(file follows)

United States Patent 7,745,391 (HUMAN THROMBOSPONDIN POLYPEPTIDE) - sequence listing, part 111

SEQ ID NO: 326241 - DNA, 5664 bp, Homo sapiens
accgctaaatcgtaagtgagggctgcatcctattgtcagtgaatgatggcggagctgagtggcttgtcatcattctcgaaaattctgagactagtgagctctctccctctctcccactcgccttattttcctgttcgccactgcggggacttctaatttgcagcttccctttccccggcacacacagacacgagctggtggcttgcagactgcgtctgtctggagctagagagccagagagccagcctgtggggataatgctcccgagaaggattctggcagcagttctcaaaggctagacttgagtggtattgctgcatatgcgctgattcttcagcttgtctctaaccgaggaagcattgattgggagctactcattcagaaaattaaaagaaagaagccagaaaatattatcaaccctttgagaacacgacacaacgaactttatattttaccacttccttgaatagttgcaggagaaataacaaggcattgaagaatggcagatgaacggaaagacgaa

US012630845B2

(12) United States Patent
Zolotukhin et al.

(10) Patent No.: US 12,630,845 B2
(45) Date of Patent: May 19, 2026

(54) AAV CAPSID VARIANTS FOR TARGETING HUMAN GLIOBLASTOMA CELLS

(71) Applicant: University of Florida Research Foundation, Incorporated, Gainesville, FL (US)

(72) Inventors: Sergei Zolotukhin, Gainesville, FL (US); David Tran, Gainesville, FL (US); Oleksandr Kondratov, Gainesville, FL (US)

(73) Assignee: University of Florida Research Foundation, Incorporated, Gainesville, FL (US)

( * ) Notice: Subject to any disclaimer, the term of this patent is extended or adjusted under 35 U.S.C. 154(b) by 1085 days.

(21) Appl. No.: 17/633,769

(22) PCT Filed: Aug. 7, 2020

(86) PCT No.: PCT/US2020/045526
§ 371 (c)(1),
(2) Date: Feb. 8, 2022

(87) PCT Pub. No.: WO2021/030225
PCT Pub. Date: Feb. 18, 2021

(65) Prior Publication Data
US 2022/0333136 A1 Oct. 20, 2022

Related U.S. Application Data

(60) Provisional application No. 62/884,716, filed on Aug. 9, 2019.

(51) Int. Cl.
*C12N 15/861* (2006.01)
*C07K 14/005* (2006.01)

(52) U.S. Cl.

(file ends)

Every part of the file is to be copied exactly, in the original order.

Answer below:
United States Patent 7,745,391 (HUMAN THROMBOSPONDIN POLYPEPTIDE) - sequence listing, part 111

SEQ ID NO: 326241 - DNA, 5664 bp, Homo sapiens
accgctaaatcgtaagtgagggctgcatcctattgtcagtgaatgatggcggagctgagtggcttgtcatcattctcgaaaattctgagactagtgagctctctccctctctcccactcgccttattttcctgttcgccactgcggggacttctaatttgcagcttccctttccccggcacacacagacacgagctggtggcttgcagactgcgtctgtctggagctagagagccagagagccagcctgtggggataatgctcccgagaaggattctggcagcagttctcaaaggctagacttgagtggtattgctgcatatgcgctgattcttcagcttgtctctaaccgaggaagcattgattgggagctactcattcagaaaattaaaagaaagaagccagaaaatattatcaaccctttgagaacacgacacaacgaactttatattttaccacttccttgaatagttgcaggagaaataacaaggcattgaagaatggcagatgaacggaaagacgaa

US012630845B2

(12) United States Patent
Zolotukhin et al.

(10) Patent No.: US 12,630,845 B2
(45) Date of Patent: May 19, 2026

(54) AAV CAPSID VARIANTS FOR TARGETING HUMAN GLIOBLASTOMA CELLS

(71) Applicant: University of Florida Research Foundation, Incorporated, Gainesville, FL (US)

(72) Inventors: Sergei Zolotukhin, Gainesville, FL (US); David Tran, Gainesville, FL (US); Oleksandr Kondratov, Gainesville, FL (US)

(73) Assignee: University of Florida Research Foundation, Incorporated, Gainesville, FL (US)

( * ) Notice: Subject to any disclaimer, the term of this patent is extended or adjusted under 35 U.S.C. 154(b) by 1085 days.

(21) Appl. No.: 17/633,769

(22) PCT Filed: Aug. 7, 2020

(86) PCT No.: PCT/US2020/045526
§ 371 (c)(1),
(2) Date: Feb. 8, 2022

(87) PCT Pub. No.: WO2021/030225
PCT Pub. Date: Feb. 18, 2021

(65) Prior Publication Data
US 2022/0333136 A1 Oct. 20, 2022

Related U.S. Application Data

(60) Provisional application No. 62/884,716, filed on Aug. 9, 2019.

(51) Int. Cl.
*C12N 15/861* (2006.01)
*C07K 14/005* (2006.01)

(52) U.S. Cl.